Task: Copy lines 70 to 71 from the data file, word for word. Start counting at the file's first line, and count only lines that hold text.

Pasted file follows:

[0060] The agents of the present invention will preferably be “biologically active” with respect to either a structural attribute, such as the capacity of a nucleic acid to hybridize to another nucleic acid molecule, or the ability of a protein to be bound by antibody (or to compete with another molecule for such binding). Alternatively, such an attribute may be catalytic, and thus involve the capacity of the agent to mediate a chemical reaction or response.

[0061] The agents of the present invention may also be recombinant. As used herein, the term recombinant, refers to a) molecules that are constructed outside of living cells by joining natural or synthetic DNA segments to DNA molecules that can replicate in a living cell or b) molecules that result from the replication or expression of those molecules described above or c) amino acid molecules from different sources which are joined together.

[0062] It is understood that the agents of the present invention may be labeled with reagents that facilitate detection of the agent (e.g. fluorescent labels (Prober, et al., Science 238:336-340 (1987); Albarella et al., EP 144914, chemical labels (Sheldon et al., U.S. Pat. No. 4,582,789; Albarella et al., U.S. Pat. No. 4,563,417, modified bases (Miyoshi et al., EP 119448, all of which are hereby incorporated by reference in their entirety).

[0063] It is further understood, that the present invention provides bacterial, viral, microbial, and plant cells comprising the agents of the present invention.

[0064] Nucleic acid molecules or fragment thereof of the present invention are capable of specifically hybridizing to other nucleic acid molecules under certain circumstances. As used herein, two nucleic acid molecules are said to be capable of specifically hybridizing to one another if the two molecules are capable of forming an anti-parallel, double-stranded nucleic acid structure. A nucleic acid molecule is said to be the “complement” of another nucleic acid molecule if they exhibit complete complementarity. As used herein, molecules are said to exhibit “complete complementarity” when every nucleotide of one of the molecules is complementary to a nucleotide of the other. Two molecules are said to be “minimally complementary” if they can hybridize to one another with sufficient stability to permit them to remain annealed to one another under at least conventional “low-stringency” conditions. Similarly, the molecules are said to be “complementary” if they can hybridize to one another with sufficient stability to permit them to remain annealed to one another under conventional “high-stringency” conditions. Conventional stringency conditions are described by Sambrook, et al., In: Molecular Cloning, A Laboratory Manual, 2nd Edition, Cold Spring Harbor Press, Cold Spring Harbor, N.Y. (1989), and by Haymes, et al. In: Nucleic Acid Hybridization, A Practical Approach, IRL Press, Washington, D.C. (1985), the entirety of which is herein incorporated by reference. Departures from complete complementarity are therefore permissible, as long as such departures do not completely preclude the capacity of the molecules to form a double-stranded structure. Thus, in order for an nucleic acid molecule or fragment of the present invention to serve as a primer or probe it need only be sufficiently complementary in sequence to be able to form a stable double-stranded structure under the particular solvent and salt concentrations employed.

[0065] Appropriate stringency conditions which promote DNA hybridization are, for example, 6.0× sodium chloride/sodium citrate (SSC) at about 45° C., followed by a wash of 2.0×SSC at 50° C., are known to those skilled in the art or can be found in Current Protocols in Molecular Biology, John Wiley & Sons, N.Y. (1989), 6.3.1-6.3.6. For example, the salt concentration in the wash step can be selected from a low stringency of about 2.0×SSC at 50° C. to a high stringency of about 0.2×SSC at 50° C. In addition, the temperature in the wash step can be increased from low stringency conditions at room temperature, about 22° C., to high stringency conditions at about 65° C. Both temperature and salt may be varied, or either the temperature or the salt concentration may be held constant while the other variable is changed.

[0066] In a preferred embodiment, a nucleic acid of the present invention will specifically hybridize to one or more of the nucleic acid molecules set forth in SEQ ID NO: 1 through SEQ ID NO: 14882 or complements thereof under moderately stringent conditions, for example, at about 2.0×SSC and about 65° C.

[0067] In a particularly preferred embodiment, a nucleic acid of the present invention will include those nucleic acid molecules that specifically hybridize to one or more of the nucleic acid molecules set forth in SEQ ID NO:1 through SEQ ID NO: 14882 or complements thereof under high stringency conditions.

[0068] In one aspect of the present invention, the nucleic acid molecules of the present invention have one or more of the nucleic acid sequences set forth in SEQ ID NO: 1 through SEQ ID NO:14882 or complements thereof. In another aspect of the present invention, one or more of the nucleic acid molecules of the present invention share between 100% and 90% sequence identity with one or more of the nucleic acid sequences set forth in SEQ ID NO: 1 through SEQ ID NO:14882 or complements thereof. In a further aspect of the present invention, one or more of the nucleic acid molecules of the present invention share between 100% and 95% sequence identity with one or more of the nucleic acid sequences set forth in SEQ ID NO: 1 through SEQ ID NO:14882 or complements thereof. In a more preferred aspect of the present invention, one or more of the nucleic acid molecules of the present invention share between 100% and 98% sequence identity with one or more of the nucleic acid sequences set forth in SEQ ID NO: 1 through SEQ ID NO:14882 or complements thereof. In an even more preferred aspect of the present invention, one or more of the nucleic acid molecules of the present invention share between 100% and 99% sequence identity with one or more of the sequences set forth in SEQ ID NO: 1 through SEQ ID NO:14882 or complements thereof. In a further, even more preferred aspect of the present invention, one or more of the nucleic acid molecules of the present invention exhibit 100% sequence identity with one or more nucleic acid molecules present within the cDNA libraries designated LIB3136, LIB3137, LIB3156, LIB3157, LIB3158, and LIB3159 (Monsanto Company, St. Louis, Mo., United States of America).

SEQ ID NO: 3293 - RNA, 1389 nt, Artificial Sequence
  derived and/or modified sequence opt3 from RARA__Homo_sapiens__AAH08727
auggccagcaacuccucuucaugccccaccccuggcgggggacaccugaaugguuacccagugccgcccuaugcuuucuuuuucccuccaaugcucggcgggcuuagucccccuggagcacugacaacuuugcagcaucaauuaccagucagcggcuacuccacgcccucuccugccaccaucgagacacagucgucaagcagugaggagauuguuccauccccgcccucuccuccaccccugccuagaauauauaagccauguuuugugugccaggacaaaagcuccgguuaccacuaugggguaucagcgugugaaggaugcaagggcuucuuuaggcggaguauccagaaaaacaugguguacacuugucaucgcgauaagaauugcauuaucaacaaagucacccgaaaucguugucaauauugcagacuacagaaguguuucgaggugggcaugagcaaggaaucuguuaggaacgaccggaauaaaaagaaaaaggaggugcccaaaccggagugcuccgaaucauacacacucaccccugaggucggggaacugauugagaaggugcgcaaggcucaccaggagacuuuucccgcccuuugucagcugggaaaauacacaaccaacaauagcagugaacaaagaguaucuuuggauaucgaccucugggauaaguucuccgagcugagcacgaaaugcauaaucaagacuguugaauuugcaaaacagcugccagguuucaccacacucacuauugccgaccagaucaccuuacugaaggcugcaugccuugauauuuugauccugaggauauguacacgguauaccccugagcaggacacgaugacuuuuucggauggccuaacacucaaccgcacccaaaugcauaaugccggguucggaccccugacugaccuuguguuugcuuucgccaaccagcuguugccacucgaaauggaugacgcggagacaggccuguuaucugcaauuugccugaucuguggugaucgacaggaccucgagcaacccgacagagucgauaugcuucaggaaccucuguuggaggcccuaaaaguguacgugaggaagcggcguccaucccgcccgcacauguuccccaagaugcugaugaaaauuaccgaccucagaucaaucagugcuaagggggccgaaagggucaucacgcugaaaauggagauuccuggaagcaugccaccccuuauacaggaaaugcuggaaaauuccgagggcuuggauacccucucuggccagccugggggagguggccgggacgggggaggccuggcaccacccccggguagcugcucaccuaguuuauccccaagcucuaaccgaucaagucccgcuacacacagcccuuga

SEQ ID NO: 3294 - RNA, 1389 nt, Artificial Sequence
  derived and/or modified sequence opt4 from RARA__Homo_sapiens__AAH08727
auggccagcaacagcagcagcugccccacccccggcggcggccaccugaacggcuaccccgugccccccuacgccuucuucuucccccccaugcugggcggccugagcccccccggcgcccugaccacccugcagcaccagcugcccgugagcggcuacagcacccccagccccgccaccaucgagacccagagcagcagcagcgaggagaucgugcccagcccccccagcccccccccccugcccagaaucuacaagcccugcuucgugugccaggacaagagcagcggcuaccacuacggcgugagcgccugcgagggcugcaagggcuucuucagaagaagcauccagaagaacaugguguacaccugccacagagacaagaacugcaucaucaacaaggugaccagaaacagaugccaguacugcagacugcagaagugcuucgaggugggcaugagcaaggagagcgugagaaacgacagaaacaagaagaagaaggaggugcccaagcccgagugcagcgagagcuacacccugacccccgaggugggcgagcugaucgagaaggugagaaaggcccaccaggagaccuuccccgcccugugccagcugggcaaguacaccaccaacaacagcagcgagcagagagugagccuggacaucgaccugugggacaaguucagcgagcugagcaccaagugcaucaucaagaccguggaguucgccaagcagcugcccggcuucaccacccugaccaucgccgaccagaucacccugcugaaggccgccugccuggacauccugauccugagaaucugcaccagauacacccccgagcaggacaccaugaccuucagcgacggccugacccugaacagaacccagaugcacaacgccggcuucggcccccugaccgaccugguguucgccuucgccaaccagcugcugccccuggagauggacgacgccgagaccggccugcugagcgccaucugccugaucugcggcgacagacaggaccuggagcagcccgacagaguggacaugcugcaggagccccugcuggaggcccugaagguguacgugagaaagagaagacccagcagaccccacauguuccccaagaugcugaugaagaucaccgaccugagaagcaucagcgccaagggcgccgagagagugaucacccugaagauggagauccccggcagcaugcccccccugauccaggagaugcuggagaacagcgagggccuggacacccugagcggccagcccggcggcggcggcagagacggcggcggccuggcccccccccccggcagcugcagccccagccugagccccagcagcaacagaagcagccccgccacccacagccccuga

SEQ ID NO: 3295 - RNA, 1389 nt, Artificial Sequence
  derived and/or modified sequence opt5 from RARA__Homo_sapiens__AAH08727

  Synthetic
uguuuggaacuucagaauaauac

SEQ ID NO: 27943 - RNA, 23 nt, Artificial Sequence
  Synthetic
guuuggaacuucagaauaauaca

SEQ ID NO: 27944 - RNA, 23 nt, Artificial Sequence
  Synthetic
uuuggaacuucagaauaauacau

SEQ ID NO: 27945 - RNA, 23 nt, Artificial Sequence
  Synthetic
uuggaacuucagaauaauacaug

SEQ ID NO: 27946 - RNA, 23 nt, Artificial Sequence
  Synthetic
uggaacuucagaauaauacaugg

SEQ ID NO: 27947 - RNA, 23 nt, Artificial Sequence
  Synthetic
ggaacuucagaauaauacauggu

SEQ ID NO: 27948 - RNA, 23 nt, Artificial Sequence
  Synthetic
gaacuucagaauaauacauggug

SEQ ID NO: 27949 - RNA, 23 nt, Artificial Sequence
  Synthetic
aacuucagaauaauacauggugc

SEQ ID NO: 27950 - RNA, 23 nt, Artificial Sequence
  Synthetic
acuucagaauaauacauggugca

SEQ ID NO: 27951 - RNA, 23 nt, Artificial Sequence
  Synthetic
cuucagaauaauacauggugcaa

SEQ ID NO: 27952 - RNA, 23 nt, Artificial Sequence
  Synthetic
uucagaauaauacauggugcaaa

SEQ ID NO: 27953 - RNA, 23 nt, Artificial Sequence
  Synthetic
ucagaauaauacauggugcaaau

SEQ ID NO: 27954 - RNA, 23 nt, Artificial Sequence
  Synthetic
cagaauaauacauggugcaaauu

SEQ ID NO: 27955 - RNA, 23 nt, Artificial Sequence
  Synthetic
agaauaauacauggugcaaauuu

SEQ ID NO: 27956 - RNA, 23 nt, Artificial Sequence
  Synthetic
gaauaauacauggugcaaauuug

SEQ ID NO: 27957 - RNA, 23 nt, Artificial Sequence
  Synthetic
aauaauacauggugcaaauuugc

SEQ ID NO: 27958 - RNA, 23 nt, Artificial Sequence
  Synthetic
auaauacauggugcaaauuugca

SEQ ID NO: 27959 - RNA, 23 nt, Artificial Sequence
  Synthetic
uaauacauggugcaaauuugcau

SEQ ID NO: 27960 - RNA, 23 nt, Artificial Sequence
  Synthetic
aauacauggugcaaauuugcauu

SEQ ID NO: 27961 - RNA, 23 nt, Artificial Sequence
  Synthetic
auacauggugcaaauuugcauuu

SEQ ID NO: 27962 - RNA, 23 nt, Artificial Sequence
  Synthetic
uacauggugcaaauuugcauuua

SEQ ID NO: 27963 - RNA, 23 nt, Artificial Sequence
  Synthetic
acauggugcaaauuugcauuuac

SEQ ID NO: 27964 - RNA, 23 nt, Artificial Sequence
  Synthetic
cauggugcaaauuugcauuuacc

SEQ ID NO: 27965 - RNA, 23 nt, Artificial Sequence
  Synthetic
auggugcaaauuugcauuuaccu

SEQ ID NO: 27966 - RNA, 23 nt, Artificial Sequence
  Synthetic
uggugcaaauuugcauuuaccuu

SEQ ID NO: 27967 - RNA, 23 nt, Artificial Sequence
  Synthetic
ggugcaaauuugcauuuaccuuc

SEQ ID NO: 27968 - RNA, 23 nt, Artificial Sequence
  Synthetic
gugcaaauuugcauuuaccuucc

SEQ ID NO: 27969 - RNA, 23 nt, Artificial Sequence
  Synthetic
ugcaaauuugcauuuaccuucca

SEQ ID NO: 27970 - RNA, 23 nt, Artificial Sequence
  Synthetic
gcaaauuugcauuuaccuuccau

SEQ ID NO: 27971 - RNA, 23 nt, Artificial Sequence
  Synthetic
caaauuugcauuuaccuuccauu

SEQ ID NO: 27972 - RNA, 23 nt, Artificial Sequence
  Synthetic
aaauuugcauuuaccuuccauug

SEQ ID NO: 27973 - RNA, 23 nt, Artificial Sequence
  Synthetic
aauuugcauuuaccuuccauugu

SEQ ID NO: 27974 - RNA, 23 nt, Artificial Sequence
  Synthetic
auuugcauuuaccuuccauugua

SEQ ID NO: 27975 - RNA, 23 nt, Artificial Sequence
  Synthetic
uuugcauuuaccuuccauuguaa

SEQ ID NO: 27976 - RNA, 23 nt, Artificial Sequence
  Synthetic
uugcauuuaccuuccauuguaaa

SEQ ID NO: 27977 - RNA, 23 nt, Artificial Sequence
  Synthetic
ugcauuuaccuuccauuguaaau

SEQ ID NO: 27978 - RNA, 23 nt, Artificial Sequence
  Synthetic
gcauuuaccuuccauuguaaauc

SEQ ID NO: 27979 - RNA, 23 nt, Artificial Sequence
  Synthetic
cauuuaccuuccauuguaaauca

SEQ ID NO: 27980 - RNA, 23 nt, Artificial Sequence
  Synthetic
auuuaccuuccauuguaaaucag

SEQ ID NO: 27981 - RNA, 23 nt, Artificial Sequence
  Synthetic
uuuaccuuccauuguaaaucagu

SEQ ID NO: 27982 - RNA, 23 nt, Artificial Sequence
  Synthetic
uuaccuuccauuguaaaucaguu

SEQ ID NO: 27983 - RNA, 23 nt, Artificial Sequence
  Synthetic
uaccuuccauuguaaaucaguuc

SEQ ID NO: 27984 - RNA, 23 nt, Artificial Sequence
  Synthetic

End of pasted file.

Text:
uaauacauggugcaaauuugcau

SEQ ID NO: 27960 - RNA, 23 nt, Artificial Sequence